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Monday, June 7, 2010

Oh Lightning Fast Monmouth Turf!

While the Belmont Stakes card dominated this past weekend, a number of other interesting performances should be noted, beginning with the one-mile turf world record (1:31.23) set at Monmouth by 6-year-old gelding Mandurah. Once a member of the Darley stable, he’s lingered in claiming ranks of late, having been available for $7,500 as recently as February. However, he is a full-brother to multiple G1-winning filly Flashing, and closely related to G1 Kentucky Oaks winner Seaside Attraction (dam of G1 Florida Derby champ Cape Town and 1995 champion 2-year-old filly Golden Attraction); Queen’s Plate victor Key to the Moon; and multiple-G1 victress Gorgeous. Quite a pedigree, but obviously had some issues (apparently mental). Still, he’d won three of his last four races, and this was his first start ever on turf (duh, you would thought someone would have figured out sooner to try turf). By A.P. Indy out of a Machiavellian mare who was a G3 turf winner in France, there’s no way this boy should have been overlooked, but the record was a bit surprising.

Two races later, Two Notch Road remained undefeated over Monmouth’s turf course after impressively wiring an 8.5 furlong allowance field in a new track record time (1:39.2). He’s been on my radar since his win in the Continental Mile last August—at 107-1! He won on opening weekend with John Velasquez up, but regular rider Shannon Uske guided him to a victory over such competitors as G1 Secretariat third-place finisher Laureate Conductor and 2008 Breeders’ Cup Juvenile Turf third-place finisher Coronet of a Baron. Not bad for the only 3-year-old in the field!

Mine That Bird’s little ½ brother Brother Bird is a maiden still, having finished second (for the third time) in Race 12 at Monmouth on Saturday. Having finished in the money in all four of his lifetime races, surely this colt will put in together soon.

3-year-old Fillies Update
After her non-performance in the Kentucky Oaks, nearly 40-1 Champagne D’Oro capturing the G1 Acorn was surprising, but really shouldn’t have been with the favorable cut-back in distance and off a bullet workout. Martin Garcia got her to break much better, and she never relinquished the lead. Her dam Champagne Glow finished second to Meadow Star in the 1 mile G1 Frizette in 1990, and Champagne D’Oro has looked much better on dirt this year than in California last year. Tidal Pool just looks exhausted, while Amen Hallelujah did well to get up for second.

Still, for what looked to be a competitive race going it, the Acorn was ultimately pretty disappointing. Maybe Blind Luck would have done better running into this race’s “speed” as opposed to the painfully pedestrian fractions set in the G2 Hollywood Oaks. Especially if the plan is to run Blind Luck in the G1 Coaching Club American Oaks and the G1 Alabama, why did they skip the first jewel of the Filly Triple Tiara?

Isn’t it time to give much-raced Joanie’s Catch a rest? I loved her Florida form this winter, but after her 10th place finish in the Oaks, they ran her in a 5f turf optional claimer against older mares where she finished a respectable third. However, in the 1 mile turf Sweettrickydancer Stakes at Calder on Sunday, she was a well-beaten eighth and never a factor. Give her a break, for god’s sake!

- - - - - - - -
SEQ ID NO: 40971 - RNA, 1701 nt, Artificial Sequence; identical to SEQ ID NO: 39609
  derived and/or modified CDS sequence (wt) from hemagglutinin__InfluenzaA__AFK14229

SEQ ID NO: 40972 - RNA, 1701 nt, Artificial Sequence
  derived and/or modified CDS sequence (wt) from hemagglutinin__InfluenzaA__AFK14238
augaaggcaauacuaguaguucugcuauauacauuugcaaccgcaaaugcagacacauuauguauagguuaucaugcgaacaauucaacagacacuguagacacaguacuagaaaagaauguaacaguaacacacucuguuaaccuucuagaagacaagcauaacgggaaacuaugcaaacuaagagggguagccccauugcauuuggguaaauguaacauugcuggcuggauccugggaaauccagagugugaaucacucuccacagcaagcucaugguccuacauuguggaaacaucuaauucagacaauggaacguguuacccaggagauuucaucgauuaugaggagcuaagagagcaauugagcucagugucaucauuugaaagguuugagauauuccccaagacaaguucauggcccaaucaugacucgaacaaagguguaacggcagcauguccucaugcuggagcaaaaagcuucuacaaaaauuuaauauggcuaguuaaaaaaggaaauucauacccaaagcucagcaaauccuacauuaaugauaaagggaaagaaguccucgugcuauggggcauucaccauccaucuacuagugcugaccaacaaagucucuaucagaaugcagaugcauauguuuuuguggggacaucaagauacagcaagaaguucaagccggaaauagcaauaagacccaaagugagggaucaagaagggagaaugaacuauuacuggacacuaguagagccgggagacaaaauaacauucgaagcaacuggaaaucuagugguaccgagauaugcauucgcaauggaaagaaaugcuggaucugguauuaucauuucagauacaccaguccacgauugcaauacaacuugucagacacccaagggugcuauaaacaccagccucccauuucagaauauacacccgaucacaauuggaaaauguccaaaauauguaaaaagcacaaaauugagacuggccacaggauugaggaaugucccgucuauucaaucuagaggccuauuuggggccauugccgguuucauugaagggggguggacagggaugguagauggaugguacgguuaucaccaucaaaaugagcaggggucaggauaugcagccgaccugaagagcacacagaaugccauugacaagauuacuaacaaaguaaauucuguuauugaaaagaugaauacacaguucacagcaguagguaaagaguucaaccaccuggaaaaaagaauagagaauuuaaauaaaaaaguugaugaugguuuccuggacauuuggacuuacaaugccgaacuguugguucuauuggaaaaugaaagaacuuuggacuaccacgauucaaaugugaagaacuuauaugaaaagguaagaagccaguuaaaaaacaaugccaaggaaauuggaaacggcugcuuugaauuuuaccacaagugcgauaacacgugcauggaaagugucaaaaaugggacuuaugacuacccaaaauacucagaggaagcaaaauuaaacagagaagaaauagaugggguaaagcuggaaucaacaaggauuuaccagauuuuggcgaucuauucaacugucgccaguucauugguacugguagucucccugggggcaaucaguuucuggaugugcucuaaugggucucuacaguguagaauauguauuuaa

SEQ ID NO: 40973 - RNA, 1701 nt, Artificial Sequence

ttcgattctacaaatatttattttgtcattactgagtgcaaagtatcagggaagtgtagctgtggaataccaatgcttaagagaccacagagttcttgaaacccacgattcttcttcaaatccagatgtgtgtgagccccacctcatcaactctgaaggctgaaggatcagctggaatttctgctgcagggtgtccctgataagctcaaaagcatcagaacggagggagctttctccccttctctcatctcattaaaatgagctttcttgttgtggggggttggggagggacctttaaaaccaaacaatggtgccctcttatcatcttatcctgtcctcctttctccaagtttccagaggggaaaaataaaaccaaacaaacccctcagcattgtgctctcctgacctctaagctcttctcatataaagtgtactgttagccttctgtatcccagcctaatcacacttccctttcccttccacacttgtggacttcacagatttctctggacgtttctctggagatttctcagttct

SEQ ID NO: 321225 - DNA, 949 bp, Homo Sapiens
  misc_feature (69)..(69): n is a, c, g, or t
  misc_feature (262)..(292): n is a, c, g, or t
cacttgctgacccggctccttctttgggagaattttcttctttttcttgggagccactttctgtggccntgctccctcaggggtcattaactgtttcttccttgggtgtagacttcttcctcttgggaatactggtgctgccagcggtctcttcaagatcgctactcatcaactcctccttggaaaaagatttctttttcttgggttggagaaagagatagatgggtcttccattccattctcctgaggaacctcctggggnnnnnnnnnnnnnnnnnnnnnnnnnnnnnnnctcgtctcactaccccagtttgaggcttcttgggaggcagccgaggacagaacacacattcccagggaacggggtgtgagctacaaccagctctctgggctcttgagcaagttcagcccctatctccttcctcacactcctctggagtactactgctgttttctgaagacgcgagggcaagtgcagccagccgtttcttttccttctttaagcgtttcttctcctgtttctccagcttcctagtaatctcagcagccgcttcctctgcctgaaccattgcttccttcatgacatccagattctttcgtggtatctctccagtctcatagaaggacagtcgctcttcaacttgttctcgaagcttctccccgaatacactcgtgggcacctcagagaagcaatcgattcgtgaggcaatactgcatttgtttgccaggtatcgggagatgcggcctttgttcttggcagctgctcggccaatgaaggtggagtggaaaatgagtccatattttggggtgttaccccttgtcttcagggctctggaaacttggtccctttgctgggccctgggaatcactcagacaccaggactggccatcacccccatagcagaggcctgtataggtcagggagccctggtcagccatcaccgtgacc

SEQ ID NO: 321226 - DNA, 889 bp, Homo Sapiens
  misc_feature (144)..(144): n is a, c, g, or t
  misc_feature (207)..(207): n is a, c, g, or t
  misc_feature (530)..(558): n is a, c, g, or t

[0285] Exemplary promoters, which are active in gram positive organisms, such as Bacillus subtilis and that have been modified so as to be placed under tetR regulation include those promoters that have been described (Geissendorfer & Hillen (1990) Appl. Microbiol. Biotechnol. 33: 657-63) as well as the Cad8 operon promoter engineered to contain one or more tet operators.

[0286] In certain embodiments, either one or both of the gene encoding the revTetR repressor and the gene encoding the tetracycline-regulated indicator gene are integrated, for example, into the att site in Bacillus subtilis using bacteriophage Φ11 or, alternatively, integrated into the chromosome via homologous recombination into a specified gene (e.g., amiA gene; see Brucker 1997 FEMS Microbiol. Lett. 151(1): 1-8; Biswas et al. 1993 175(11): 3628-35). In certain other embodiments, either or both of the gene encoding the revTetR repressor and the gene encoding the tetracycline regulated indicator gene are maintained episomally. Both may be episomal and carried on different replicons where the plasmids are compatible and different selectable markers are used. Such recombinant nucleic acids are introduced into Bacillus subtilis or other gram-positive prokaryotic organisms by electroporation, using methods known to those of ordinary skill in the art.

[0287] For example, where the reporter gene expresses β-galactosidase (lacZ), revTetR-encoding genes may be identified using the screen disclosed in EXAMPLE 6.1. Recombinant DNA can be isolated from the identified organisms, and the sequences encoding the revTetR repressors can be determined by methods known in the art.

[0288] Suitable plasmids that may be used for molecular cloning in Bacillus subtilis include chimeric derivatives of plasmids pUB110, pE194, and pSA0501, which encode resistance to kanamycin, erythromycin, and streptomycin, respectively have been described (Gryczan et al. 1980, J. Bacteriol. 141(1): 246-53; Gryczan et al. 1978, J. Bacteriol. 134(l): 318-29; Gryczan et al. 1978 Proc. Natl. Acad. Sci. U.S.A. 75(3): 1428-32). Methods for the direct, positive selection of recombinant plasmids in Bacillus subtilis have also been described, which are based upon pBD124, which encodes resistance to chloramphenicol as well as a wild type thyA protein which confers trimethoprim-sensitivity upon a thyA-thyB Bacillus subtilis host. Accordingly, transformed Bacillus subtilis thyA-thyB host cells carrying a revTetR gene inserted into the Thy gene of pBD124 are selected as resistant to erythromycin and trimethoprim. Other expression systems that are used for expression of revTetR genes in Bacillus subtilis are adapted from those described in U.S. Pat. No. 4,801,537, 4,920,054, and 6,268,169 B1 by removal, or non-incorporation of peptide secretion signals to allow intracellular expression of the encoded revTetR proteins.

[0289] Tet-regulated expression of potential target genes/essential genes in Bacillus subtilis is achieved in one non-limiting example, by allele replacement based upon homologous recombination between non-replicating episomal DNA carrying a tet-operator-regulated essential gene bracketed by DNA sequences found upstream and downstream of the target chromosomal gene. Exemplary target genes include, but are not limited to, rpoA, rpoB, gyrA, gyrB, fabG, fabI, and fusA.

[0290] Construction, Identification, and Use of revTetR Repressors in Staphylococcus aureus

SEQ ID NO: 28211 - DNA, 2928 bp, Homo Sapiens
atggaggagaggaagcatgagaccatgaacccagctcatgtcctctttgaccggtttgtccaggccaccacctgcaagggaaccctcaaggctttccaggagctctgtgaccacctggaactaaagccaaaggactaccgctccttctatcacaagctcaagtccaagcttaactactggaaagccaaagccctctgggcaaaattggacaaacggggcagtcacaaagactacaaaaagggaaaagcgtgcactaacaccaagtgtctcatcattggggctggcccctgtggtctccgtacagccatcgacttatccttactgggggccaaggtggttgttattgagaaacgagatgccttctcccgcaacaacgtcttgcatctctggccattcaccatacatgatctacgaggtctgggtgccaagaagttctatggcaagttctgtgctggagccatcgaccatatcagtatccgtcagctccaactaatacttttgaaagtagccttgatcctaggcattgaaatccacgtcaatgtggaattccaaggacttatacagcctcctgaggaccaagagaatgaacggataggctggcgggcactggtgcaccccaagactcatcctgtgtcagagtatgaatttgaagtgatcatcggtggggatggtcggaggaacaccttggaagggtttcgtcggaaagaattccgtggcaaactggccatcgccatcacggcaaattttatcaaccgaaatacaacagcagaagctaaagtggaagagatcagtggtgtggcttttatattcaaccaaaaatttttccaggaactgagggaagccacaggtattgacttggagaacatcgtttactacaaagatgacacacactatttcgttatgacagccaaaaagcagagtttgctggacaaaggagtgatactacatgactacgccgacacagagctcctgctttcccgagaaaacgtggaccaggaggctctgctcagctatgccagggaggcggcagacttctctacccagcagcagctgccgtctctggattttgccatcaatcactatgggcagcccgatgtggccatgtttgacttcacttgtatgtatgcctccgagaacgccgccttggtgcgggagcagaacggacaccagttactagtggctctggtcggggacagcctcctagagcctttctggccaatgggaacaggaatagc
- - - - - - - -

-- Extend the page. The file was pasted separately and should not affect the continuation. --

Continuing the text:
No Such Word returned from her runner-up effort in the G2 Black-Eyed Susan to win the 8.5f Go For Wand at Delaware on Saturday. While certainly not in record time (1:46.11), Terry Thompson had her loping along effortlessly until called to run as they entered the final turn where she was forced four-wide, and fought back gamely against Havre de Grace for the victory. Havre de Grace (Saint Liam out of the Carson City mare Easter Bunnette) is a filly to put in your Virtual Stable, as she looks to have a graded stakes win in her future. Maybe turf too? Her dam is a half-sister to The Bink (Seeking The Gold), dam of back-to-back G1 Flower Bowl victress Riskaverse.


The_Knight_Sky said...

The significance of No Such Word's stretch duel against Havre de Grace is not to be underestimated.

Mr. and Mrs. Larry Jones got a good measure of Havre de Grace who is owned by their former client Fox Hill Farms.

Anonymous said...

In addition to the number of other interesting performances this week, what do you think about the interesting possibility of running General Quarters in the Stephen Foster? I was hoping to see him in something like the United Nations or Man o'War, but maybe they don't figure he can get the distance.

Valerie Grash said...

Anon, I think you may be right about the distance issue with General Quarters. But wasn't it nice to see him win, especially with the heavy turf going? It takes a pretty special horse to pick up the challenge of Court Vision (or any other late closer) in the bog and keep going like he did. I suppose trying the Stephen Foster is mostly due to his connections, and Churchill being "home." I wonder how he might do if sent to California for the Hollywood Gold Cup?

Anonymous said...

I love General Quarters, especially since I took a chance on him when I went down to KY for the Derby this year and won a good amount of money on his nice odds with the trifecta. McCarthy's great-niece used to work with me during the Derby last year when General Quarters was the "feel-good" story.